Columbia, Mo. (May 18, 2021) — The annual Scripps Spelling Bee, hosted by the Columbia Missourian on March 24, looked different this year. Associate Professor Elizabeth Stephens and her students in the Event Planning and Promotion class were able to execute an in-person Bee that mid-Missouri third through eighth grade students will never forget.
Although COVID-19 has caused a variety of unprecedented events, Stephens found it critical that her students and participating spellers get the full Bee experience while following COVID-19 guidelines.
“We still felt strongly that there is something special about a traditional bee where you get the word, and the child spells it out into a mic, and that mostly mimics the national one,” said Stephens. “However, MU limited events to just 20 people, so we were trying to find the magic number and minimize the number of people in the room.”
In previous years, the Missourian would host around 55 students in Jesse Hall on MU’s campus to compete in the Spelling Bee. This year, the number of participants was cut in half to 25 in accordance with COVID restrictions. Stephens and her students ultimately decided to hold an online test for all 25 school champions, and the Missourian invited the top 15 to compete in-person.
Precautions were taken to keep everyone safe during the event, which took place at the Missouri School of Journalism’s Reynolds Journalist Institute. These included:
- The final 15 were able to invite one parent to join them.
- While the parents watched from one room in RJI, the spellers competed in a different room in order to comply with social distancing recommendations.
- The mic used by the spellers had a cover on it and was replaced after each use.
- The pronouncer, judge and timekeeper were allowed in the room with the kids during the event.
- Spellers and parents were directed to socially distance six feet apart through the entirety of the event.
Students in the class were divided into three teams to tackle the event: social media and communications, design, and production. The array of positions allowed students to complete the event tasks smoothly and effectively.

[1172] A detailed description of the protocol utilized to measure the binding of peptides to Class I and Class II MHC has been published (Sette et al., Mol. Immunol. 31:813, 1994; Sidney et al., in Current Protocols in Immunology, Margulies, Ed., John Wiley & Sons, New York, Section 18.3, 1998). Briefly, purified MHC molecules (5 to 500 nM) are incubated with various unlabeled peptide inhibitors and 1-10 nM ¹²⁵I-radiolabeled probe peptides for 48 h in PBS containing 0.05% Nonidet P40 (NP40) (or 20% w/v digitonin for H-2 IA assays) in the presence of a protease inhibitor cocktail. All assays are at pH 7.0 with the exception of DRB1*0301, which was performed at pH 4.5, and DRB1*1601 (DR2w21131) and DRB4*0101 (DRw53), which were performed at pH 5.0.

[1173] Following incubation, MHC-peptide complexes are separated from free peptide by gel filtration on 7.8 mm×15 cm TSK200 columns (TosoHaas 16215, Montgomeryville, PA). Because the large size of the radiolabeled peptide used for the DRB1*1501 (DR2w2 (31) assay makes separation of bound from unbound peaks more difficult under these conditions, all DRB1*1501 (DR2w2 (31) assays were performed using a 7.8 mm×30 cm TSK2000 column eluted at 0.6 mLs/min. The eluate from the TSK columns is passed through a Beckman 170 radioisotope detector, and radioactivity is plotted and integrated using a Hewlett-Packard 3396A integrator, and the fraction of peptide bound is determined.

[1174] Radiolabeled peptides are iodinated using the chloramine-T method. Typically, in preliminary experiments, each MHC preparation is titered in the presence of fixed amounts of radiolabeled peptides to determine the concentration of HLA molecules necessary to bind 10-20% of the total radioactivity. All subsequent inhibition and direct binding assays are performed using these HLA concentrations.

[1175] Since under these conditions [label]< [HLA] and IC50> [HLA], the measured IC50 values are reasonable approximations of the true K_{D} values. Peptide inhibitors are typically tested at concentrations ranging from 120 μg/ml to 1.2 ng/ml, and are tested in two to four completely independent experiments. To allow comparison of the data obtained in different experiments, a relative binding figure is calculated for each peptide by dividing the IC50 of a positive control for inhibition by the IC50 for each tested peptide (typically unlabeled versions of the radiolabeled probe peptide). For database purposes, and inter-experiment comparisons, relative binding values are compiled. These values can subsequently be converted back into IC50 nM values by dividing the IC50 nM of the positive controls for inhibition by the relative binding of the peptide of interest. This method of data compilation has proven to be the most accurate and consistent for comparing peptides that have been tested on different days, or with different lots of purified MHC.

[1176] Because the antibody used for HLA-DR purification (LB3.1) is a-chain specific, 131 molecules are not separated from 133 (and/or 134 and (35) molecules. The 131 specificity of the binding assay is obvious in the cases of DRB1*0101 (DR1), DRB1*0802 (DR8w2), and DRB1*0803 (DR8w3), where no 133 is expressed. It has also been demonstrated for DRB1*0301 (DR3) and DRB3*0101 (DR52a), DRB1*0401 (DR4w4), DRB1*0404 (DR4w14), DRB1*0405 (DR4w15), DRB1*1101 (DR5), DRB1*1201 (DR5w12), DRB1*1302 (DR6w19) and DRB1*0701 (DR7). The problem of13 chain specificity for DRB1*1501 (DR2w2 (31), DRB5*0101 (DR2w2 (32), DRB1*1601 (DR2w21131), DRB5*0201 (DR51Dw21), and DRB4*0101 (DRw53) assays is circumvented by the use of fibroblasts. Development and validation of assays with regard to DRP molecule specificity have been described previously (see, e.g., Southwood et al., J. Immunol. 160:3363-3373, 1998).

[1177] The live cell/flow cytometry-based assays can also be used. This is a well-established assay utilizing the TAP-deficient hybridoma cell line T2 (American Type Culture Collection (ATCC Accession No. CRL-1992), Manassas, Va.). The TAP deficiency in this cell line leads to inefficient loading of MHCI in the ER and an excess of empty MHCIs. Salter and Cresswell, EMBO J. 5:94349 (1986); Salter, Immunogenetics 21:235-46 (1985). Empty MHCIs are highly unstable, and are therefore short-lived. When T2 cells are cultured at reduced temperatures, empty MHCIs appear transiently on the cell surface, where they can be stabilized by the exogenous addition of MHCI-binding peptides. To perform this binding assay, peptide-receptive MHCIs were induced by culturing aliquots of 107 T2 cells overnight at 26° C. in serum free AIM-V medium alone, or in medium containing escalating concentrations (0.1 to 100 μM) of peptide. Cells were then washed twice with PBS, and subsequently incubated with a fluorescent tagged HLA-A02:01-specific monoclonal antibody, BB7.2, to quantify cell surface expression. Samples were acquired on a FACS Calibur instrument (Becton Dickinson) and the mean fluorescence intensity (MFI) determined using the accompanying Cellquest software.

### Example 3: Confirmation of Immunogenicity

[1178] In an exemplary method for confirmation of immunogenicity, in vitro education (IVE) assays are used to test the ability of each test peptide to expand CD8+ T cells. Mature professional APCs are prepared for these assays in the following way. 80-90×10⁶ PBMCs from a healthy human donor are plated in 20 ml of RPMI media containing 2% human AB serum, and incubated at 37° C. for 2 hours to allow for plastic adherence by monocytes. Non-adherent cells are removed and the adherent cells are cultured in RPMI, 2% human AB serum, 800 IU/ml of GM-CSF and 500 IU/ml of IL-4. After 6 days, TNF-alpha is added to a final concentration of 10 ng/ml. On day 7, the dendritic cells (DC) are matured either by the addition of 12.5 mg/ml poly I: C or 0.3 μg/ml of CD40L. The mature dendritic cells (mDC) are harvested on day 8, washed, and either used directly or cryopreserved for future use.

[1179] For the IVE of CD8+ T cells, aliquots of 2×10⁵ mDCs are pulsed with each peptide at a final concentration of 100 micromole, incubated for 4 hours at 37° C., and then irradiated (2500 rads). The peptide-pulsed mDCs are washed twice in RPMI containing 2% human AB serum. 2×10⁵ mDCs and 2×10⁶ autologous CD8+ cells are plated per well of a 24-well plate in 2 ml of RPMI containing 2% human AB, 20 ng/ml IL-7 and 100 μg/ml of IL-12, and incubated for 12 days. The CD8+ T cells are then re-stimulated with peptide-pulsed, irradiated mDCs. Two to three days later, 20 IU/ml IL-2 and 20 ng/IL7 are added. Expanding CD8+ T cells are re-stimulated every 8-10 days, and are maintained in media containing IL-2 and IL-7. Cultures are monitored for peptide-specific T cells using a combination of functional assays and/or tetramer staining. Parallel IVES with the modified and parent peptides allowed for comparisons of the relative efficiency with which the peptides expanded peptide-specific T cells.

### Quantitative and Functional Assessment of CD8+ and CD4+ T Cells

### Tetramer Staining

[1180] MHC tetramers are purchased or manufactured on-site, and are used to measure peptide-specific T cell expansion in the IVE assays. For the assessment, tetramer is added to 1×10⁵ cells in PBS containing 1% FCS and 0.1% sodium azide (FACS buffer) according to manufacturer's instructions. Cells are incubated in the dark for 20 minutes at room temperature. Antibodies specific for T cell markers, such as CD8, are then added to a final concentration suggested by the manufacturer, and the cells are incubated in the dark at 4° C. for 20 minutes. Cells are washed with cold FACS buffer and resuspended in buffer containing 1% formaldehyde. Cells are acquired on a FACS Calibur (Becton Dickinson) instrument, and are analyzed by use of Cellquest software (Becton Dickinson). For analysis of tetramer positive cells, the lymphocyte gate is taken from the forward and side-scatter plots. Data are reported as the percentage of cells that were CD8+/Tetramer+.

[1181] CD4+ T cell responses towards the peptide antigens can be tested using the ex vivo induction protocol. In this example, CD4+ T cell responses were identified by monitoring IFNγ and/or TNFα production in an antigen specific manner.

Hayley Vawter, a senior print and digital reporting student, was the team leader of the social media and communications team. Some of her preliminary duties included communicating between parents and teachers, ensuring students and schools were enrolled in the event, and to make sure all students had taken the online course to help determine the top 15.
Vawter and her team also took initiative on live-tweeting and creating Instagram stories from the Columbia Missourian account, tackling press releases, and developing creative activities for participants such as words of the week and Spelling Bee trivia.
“The biggest part of it was communicating with the schools and the parents to make sure everything went smoothly,” said Vawter. “Because of COVID, this year we approached the planning of the event differently than the past, and we had a lot more kinks to work out.”
Stephanie Lubinski, a junior and the event product team manager, was in charge of logistics. Some of her tasks included adhering to COVID restrictions, managing set-up and break down of the event, assigning tasks to classmates, and drafting emails to spellers’ parents.
“It ended up being pretty similar to what a normal spelling bee would be like,” said Lubinski. “Everyone kind of got a sense of normalcy by being in-person and getting to do a walkthrough of what an actual bee is like.”
With another successful — and COVID-free — Bee completed, those behind the event are looking for ways to move forward in what’s expected to be a return to normal in 2022. However, regardless of the circumstances, the students of the Event Planning and Promotion class know they can handle whatever comes their way.
Updated: May 18, 2021